LA Art Fair: More Please.

I thoroughly enjoyed the LA Art Fair last year, and I had a feeling that it would be a good place to begin my entry into the art fair fray on Saturday. I was right. I found some really wonderful work there.

Alejandro Diaz, "Naked Artist Inside", neon.
Alejandro Diaz, Naked Artist Inside, neon.

Just like last year the first gallery I came upon was the always rewarding Daniel Weinberg. Also on board were some instructive Chris Martin paintings. I say instructive because I'm still in the process of getting his work. I'm happy to say that his insistent rhythms are starting to work their way in though. And what's not to like about a gallery that shows the twin sons of different mothers, James Sienna and Daniel Zeller. I've never seen a bad piece by either of them and yesterday was no exception. The only disappointment this year was that Weinberg didn't have any works by Luke Whitlatch. I was counting on the gallery for my fix. His paintings were a highlight last year. (Somebody give this guy a show in NYC!) All, of course, was forgiven because the people at Weinberg are so nice and their artists are, oh, so very very good.

Roberts and Tilton made another strong showing this year with artists Kehinde Wiley, Barry McGee, Adam Pendleton, Becca Mann, and well, pretty much every artist they had on the wall. The gallery's Julie Roberts wins the "We Encourage Photography" award for the day. I fell in love with the Jimmy Baker installation, Potential Unlawful Combant, and inquired as to whether I might take a photo of it. Not only did Roberts say, "Yes.", but she actually asked me to help her move the table and chairs out of the way so I could get a clearer shot. Hmmm. Intense respect for the viewer and the work. A fine thing. All I can say is "Thank you." Thank you. Thank you. Thank you. This, kids, is what it's all about.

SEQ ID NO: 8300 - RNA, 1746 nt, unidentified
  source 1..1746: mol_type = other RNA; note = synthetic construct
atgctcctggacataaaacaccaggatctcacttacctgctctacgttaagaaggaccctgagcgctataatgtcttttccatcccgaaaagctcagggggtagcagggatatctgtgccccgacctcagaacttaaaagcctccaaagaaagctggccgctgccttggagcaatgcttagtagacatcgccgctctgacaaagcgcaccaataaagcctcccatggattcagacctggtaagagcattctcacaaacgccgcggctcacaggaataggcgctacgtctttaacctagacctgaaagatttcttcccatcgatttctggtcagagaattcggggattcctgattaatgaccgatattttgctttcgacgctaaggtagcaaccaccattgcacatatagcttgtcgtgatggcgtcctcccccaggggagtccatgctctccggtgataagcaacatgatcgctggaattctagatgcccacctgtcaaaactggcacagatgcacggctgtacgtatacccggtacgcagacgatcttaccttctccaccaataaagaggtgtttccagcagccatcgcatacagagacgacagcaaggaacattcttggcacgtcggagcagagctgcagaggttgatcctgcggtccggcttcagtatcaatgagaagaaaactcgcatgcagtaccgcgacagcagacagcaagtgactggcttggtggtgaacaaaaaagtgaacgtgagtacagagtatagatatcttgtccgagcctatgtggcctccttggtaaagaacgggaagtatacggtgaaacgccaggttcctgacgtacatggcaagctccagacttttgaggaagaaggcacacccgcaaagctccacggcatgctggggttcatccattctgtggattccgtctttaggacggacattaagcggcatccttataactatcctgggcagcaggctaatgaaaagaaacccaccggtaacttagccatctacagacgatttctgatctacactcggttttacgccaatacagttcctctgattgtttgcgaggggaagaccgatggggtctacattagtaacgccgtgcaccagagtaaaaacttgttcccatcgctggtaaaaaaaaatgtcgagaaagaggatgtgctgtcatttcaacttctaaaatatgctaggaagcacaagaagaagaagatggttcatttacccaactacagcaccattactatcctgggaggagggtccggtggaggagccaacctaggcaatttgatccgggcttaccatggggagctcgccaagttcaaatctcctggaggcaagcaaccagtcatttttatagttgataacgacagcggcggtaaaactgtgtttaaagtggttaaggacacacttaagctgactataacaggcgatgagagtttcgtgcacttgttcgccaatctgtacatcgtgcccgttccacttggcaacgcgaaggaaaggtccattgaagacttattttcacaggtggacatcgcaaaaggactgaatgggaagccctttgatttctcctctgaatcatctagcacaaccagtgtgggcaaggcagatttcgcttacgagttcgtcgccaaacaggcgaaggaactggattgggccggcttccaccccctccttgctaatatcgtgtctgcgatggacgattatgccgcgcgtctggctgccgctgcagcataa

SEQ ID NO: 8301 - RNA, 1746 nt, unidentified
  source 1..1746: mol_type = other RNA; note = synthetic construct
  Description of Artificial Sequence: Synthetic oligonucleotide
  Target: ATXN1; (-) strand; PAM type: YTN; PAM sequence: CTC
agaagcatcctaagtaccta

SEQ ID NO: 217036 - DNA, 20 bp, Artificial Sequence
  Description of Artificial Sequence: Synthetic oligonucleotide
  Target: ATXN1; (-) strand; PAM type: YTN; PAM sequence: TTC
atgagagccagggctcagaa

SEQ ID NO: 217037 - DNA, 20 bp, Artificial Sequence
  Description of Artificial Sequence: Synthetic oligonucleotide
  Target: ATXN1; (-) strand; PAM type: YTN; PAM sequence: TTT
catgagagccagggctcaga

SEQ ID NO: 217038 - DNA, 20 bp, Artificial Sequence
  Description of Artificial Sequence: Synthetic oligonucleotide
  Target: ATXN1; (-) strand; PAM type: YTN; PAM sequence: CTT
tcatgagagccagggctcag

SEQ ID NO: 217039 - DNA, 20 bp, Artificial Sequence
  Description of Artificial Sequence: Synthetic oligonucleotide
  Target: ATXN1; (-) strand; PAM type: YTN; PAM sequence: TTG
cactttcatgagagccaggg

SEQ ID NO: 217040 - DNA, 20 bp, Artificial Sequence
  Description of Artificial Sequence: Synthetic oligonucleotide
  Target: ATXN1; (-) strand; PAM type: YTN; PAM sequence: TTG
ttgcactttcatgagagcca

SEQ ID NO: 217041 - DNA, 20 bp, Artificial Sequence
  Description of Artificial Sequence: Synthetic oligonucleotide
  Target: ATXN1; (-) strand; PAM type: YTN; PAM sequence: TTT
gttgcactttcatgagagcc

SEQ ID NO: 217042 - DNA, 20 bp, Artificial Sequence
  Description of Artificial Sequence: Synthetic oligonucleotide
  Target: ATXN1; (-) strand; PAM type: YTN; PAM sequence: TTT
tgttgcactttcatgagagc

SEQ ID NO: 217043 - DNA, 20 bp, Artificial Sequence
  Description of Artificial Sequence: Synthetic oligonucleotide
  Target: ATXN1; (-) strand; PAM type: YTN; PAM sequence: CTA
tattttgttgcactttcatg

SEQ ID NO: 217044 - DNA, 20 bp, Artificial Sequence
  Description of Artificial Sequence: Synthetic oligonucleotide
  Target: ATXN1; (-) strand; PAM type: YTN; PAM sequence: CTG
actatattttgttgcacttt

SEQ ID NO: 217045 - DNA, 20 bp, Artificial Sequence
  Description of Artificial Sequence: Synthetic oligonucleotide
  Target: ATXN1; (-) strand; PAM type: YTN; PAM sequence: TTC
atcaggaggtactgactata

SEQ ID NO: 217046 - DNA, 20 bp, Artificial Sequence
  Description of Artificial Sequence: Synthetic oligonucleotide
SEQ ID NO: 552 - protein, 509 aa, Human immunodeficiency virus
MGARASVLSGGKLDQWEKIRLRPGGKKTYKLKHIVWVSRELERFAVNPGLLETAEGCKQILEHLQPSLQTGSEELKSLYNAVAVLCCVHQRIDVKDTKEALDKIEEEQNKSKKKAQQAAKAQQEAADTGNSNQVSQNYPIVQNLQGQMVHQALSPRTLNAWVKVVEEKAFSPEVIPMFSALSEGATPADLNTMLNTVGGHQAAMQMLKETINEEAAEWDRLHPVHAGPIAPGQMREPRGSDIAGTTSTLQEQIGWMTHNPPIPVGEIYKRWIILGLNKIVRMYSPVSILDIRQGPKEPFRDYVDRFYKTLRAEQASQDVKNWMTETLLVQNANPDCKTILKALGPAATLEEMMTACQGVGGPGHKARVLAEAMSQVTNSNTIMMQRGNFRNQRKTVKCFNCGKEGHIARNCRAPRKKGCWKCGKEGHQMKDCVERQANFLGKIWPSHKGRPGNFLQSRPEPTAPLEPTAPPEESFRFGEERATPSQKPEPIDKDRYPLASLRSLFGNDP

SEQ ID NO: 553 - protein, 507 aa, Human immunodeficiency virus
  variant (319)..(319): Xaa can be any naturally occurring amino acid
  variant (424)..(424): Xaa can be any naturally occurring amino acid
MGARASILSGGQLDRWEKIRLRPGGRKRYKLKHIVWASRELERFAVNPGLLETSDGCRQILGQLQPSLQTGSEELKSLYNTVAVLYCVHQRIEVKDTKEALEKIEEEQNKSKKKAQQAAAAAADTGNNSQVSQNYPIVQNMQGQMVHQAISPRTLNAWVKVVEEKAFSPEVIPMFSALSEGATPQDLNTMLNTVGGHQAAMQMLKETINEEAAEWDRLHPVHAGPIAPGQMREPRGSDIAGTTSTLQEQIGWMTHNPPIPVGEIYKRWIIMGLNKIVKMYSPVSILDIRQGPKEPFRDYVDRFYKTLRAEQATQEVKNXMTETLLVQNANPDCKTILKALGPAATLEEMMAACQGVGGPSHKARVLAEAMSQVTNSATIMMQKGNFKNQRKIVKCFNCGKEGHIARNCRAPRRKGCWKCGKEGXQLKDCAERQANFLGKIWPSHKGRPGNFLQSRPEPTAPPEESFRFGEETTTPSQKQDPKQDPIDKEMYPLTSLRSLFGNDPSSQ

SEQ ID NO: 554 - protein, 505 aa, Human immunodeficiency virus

At Mary Goldman, Alejandro Diaz had me laughing out loud with the juxtaposition of his bright neon Naked Artist Inside and the lo-fi approach of the cardboard sign format. There were also some nice Robert Pruitt pieces in the back corner. Unfortunately, my liking them is all that I remember about them. The art fair memory daze had apparently started to set in and I was only at the end of my first fair.

Jason Adkins, unidentified work
Jason Adkins, unidentified work.

Downstairs at Western Project was a knockout color-burst of a sculpture by Jason Adkins that I couldn't quite stop looking at it. Plus, I'm a total sucker for art that involves pallets. The main cube resting on it's pallet seemed to be saying "We're ready for transport." It worked from just about any angle, covering everything from the mercenary to the political. Awesome. When I spoke with the gallerist he mentioned that Adkin's paintings (not on display) stand in sharp contrast to the shouting colors of his sculptures. He was right. When I checked the gallery's website I found evocative gray-centered abstracts. I think that if I saw his sculptures and paintings in the same room my body might just implode. A good sign. More, please.

Actually, I'd say that about the LA Art Fair in general: More please. They were in a smaller space this year, so there were fewer dealers. No matter, what I found there packed quite the punch, certainly enough of one to catapult me into the rest of my day.